Retro Review | The Island of Doctor Moreau (1996)

Retro Review | The Island of Doctor Moreau (1996)

A flawed adaptation of a classic H.G. Wells novel has a more entertaining “making of” documentary than the film itself!

The Island of Doctor Moreau (1996)

Lost Soul: The Doomed Journey of Richard Stanley’s Island of Doctor Moreau (2014)


Recently I came upon a copy of Lost Soul: The Doomed Journey of Richard Stanley’s Island of Doctor Moreau. This 2014 documentary chronicles the behind the scenes story of supposedly one of the worst films of all time, the 1996 adaptation of the book, The Island of Doctor Moreau.

I knew the film was supposedly bad and that it starred Val Kilmer and Marlon Brando. I also vaguely remembered something about the original director being thrown off set very early on, so I didn’t think it fair to watch a documentary without seeing the source material first.


After being rescued and brought to an island, a man discovers that its inhabitants are experimental animals being turned into strange-looking humans, all of it the work of a visionary doctor.

My Thoughts

Well, that was…interesting.

The Island of Doctor Moreau has been adapted from the original story written by H.G. Wells and published in 1896. The story of a man performing bizarre vivisection experiments on animals, trying to make them into a more human form.

The film, from what I have researched, follows the book fairly closer but obviously updating the settings to a modern time. Although released in 1996, the film is set in 2010 and relocates the film’s original setting of London to a remote tropical island.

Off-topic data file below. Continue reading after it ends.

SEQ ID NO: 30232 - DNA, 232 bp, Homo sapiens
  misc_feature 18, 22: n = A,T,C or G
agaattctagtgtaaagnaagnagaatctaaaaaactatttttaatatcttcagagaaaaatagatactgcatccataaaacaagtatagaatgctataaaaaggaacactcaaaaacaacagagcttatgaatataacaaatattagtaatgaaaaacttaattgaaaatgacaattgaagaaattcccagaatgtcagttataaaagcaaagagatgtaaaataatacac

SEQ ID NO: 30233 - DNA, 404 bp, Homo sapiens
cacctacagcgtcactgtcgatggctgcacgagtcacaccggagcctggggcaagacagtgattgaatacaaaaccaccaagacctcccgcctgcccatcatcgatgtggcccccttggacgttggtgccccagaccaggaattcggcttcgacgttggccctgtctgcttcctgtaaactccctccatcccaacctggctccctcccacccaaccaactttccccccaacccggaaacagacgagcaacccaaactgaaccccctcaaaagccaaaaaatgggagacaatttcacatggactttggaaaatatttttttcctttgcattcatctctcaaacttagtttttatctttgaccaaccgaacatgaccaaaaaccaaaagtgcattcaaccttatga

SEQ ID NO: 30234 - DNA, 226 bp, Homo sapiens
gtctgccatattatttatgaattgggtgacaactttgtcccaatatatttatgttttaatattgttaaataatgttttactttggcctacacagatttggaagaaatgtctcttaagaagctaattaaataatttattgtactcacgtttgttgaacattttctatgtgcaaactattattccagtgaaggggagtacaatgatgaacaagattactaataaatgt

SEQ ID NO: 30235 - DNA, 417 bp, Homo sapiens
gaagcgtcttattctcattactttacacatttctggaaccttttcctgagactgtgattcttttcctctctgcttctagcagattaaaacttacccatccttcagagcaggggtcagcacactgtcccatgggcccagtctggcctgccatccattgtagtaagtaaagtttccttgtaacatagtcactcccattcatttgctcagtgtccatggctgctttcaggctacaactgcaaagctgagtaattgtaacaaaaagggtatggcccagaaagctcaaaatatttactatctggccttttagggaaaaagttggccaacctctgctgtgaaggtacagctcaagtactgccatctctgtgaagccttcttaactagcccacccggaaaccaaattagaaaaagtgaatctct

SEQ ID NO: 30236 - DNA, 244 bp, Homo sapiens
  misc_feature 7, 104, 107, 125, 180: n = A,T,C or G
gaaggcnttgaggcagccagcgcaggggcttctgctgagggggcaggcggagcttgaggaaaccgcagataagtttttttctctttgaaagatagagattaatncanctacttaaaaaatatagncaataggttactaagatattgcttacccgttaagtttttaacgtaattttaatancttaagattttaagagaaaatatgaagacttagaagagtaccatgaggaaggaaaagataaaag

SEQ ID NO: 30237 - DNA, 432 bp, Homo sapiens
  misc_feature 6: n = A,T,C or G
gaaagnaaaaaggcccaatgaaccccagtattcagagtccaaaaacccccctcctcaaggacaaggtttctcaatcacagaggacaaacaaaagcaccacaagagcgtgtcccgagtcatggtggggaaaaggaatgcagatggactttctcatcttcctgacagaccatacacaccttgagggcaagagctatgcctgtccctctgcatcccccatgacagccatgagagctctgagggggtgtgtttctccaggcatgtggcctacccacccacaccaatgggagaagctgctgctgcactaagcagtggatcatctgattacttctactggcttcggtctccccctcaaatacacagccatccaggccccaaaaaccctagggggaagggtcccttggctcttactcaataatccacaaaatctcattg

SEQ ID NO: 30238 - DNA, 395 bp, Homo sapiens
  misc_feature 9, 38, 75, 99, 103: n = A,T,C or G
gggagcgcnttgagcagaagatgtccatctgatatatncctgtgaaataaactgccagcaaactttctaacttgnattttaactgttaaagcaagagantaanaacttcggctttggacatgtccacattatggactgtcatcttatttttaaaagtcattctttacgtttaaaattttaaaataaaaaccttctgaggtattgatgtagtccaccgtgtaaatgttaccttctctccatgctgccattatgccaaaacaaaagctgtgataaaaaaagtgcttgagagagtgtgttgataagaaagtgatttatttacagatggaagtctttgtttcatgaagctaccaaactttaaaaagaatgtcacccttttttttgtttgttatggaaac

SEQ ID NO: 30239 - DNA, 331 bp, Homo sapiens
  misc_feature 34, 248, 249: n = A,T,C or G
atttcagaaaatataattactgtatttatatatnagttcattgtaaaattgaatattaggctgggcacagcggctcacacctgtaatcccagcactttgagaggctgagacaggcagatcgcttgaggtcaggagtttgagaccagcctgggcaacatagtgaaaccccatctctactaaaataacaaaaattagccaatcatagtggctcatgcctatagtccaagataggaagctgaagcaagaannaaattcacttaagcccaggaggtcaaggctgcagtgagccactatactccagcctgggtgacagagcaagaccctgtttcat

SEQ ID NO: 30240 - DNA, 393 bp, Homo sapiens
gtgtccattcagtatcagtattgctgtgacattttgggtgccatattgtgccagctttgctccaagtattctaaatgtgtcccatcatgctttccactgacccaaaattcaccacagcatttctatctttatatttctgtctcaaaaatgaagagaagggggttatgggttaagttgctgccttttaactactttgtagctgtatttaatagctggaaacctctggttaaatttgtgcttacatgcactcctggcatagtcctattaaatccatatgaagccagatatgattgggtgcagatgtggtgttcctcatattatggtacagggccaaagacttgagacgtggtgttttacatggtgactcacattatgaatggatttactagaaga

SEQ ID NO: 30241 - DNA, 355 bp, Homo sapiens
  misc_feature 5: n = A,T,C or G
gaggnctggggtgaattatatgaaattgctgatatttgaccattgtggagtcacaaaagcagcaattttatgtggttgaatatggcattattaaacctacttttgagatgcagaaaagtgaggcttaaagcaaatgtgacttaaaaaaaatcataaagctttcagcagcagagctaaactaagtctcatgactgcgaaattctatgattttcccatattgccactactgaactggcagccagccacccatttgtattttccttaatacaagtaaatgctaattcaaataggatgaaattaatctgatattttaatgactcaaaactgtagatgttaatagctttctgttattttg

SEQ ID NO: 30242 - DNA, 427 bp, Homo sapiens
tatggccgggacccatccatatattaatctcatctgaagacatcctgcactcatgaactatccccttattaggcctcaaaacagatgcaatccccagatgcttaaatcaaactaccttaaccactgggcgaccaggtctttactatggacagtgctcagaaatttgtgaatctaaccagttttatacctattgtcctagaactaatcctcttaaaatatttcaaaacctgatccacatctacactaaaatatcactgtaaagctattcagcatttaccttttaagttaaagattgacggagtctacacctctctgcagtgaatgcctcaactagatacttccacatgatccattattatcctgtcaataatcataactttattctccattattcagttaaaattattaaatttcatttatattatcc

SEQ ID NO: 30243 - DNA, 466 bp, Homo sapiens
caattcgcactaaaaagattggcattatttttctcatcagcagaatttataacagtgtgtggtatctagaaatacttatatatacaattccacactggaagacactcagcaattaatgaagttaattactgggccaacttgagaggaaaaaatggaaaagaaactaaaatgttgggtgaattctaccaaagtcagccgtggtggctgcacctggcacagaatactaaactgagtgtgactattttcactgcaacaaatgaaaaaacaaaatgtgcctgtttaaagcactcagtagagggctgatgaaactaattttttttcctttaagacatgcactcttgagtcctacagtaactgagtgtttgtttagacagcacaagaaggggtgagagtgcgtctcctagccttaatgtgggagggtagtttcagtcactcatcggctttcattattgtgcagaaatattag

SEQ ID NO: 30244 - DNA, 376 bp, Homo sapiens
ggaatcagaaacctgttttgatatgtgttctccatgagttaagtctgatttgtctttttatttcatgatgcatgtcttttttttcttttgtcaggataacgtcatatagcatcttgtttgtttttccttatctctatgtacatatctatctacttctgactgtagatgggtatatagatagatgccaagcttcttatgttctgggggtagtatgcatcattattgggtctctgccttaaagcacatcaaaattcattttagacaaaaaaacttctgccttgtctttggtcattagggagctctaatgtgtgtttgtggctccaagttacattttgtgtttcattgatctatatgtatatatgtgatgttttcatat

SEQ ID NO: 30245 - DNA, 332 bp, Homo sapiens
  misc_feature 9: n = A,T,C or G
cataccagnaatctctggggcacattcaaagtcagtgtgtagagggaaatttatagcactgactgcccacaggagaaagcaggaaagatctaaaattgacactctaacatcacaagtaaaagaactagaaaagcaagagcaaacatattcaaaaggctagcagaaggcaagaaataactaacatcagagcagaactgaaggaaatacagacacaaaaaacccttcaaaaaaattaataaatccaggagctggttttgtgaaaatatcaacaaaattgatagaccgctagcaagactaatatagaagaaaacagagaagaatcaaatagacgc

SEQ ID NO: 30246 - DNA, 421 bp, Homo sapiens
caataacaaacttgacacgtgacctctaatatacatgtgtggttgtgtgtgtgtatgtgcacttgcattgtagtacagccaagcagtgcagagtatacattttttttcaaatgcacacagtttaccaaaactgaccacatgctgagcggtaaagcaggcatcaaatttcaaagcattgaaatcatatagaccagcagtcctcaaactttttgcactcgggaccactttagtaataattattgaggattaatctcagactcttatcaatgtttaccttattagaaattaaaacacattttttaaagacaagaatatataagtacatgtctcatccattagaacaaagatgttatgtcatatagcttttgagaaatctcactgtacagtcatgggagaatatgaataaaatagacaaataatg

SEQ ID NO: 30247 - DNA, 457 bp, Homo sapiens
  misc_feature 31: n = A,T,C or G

The plot of the film is actually rather interesting and is enhanced by some great special effects work that I shall discuss later. What really let this film down are the cast and their performances.

Let us start with the positives, not everyone is terrible. Despite being covered by layers of creature makeup, you should be able to recognize the voice of Ron Perlman (Hellboy,Hand of God, Sons of Anarchy) as the Sayer of the Law. He’s not in the film for very long, but when he’s onscreen you can’t miss him.

Speaking of actors being covered in makeup, there are a couple of creatures in this film played by actors I knew of but would never have known had I not read the cast list. I spotted the name Mark Dacascos as Lo-Mai, one of the most important creatures of the story. He is best known for the French film Brotherhood of the Wolf and more recently he’s appeared in season three of Marvel’s Agents of S.H.I.E.L.D.

Another name to crop up was Temuera Morrison, he was a relative unknown then but several years later he would appear as the ill-fated Jango Fett in Star Wars Episode II: Attack of the Clones.